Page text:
Reynolds needs every rep possible. He’s got to show something this summer. He is exactly the kind of Safety I think the Eagles need…a centerfielder/ballhawk type…but he’s got to play well. There are no excuses at this point. He’s got to show NFL ability. I hope he does. Would be a nice boost to the Safety position.

As for the OL…Andrews is an overlooked guy. He doesn’t have Chip Kelly’s ideal build at just 6-2, 311, but he is a solid athlete and he’s versatile. He played OT in high school. He began his career at Oregon State as a Center and then moved to LG. He is strictly a G/C in the NFL. I don’t know if he’s a serious candidate for a roster spot, but he has been a bit overlooked.

Boyko is an interesting OG prospect. I don’t see anything special athletically, but he is a tough, physical run blocker. He does have a great frame. He did his best playing LT in college, but he is meant to play OG.

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Finally…Happy Mother’s Day to all the mothers out there.


Brian Who?

Posted: May 9th, 2015 | Author: | Filed under: Philadelphia Eagles | 110 Comments »

The Eagles took Boston College DL Brian Mihalik in the 7th round. Brian who?

For the first 3 years of his career, Mihalik was a backup. He started his whole Senior season, but got off to a slow start. The coaches challenge him (and the whole defense) to step up. Mihalik played his best football down the stretch.

The Eagles picked him based more on potential than production. Mihalik was an awkward fit in BC’s 4-3 defense. He looks awkward playing in space. I saw multiple games when he was running free to the QB and couldn’t hit him. The QB was able to make a simple move and Mihalik didn’t have the agility to adjust and finish the play.

But then…there are some plays when you see really good things from Mihalik.     Read the rest of this entry »

Culture Club

Posted: May 8th, 2015 | Author: | Filed under: Philadelphia Eagles | 226 Comments »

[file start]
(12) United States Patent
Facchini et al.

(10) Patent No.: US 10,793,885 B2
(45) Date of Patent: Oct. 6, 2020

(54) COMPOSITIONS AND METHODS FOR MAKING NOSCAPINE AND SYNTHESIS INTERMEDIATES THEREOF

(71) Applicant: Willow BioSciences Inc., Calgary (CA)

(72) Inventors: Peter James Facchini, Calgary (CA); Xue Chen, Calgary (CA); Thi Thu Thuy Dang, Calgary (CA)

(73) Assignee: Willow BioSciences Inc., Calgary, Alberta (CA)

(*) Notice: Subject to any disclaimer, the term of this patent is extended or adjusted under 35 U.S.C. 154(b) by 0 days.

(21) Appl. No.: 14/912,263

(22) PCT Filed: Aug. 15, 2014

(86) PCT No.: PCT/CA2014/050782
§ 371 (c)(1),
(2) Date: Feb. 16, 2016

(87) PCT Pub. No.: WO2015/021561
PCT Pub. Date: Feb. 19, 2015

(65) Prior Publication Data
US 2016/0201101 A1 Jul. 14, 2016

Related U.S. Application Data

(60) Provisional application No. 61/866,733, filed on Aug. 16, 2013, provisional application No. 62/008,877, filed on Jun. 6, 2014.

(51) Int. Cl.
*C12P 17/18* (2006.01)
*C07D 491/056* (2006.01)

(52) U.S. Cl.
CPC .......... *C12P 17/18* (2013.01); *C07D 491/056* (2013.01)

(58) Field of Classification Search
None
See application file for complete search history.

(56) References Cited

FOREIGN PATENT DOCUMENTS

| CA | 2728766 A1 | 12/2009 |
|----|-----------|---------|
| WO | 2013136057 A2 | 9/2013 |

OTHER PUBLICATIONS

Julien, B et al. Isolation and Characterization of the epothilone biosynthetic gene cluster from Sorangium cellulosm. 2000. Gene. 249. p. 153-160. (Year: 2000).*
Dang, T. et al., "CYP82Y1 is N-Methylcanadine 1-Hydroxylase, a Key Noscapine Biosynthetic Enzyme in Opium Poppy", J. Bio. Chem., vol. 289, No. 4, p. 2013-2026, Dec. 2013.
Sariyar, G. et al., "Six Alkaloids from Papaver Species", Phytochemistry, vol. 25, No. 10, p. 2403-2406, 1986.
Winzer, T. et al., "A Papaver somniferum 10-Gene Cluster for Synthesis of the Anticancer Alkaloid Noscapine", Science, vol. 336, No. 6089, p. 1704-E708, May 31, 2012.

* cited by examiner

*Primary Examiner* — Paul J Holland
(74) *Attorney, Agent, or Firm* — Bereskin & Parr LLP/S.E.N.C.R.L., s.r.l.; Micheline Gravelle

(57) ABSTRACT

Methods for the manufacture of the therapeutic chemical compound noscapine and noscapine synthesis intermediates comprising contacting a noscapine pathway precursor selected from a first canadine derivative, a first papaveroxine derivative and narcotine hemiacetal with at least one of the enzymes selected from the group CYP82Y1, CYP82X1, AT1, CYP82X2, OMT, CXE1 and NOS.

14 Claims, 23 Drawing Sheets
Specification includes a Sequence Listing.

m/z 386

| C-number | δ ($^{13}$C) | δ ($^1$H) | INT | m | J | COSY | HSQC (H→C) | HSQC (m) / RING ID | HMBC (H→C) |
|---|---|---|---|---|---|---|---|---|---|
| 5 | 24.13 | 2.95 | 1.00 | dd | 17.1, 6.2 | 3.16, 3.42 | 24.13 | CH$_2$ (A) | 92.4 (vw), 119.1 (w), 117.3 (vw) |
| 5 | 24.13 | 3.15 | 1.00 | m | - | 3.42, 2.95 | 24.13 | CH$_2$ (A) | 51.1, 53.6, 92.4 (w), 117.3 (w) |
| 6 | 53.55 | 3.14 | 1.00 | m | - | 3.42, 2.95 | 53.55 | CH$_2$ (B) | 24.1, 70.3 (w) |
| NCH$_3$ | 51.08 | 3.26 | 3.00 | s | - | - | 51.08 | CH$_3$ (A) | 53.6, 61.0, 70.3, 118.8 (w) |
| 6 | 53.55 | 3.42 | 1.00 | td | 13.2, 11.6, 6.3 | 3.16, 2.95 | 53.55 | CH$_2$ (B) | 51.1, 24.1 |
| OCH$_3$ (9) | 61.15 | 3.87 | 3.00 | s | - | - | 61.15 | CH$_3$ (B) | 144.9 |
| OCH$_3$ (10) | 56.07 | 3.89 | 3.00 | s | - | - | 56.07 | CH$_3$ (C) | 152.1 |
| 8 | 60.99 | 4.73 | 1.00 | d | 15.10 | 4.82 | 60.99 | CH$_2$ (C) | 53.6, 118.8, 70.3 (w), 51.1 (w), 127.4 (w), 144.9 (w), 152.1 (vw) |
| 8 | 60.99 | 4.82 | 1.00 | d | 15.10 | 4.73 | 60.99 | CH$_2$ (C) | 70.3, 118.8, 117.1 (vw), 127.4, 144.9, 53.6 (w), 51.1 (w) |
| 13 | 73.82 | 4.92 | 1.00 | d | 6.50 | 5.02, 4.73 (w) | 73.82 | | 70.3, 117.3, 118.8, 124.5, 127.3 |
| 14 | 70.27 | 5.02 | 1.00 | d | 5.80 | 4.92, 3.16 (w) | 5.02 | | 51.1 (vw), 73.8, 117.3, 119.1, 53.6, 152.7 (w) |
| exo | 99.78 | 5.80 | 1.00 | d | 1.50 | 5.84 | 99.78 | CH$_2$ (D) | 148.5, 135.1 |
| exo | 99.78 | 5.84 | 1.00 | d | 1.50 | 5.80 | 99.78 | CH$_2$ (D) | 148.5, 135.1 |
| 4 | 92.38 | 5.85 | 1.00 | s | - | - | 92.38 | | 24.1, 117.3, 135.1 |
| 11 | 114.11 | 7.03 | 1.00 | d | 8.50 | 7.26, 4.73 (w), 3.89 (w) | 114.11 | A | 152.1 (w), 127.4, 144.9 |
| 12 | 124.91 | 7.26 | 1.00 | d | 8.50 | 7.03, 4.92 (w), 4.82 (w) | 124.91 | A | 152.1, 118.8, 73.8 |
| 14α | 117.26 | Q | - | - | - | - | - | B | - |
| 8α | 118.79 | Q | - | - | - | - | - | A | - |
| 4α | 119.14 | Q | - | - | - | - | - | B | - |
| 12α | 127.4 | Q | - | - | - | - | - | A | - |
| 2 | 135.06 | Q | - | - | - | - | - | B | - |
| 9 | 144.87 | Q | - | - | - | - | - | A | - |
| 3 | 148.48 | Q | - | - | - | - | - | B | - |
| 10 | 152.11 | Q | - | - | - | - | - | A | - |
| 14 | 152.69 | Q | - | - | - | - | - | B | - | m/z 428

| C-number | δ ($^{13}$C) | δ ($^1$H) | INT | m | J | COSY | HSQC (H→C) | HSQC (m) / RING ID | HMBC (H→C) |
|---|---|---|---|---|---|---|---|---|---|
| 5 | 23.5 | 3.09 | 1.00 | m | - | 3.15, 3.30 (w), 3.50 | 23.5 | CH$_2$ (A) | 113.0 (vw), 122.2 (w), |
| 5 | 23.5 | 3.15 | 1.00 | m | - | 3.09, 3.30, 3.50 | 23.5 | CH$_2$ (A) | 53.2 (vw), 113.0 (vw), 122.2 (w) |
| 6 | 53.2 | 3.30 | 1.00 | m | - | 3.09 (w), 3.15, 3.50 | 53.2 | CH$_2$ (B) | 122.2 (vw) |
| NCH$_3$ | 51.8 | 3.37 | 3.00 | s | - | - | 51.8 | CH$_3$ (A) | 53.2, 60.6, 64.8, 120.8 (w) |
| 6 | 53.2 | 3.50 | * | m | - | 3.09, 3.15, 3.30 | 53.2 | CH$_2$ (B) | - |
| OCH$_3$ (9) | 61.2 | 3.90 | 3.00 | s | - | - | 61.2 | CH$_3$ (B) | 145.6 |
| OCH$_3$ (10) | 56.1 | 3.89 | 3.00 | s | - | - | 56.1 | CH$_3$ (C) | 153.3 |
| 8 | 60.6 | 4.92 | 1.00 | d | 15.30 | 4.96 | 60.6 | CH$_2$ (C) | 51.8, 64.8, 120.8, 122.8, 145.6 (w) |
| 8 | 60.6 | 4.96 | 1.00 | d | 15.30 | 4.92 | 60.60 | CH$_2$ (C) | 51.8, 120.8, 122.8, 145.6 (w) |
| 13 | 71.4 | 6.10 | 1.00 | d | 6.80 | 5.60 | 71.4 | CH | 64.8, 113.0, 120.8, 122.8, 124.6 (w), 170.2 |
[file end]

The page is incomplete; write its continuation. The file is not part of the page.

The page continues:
If Chip Kelly were a mom, there is no question what peanut butter he would buy for his family. Choosy moms choose Jif, after all. And you can use a lot of words to describe Kelly – maverick, genius, risk-taker – but choosy better be one of them.

Players need to have a certain size.

Players need to have a certain skill set.

Players sure as heck better fit into Kelly’s idea of a good football culture.

Paul Domowitch wrote a good piece this morning about the importance of players “buying in”.

Kelly wants players who are willing to “buy in” to his system and are smart enough and driven enough to take what he teaches them and use it to make themselves better players.

“For Chip, it’s about getting the right guys in place,” said ESPN draft analyst Todd McShay. “Every time I talk to Chip, the phrase he always uses is ‘guys that buy in.’ He brings it up every single time I’ve talked to him. He wants to make sure he has a roster full of guys that are buying in.

“Whether it’s the sleeping regimen or the nutrition or the mental aspect of it, he feels like now, more than ever as the head coach of the Philadelphia Eagles, he has players in place that buy into what they want to do there and that, moving forward, are on the same page.”

One of the most important books on Kelly’s bookshelf isn’t Bill Walsh’s “Finding the Winning Edge” or Vince Lombardi’s “What It Takes To Be No. 1″ or Tony Dungy’s “Quiet Strength.”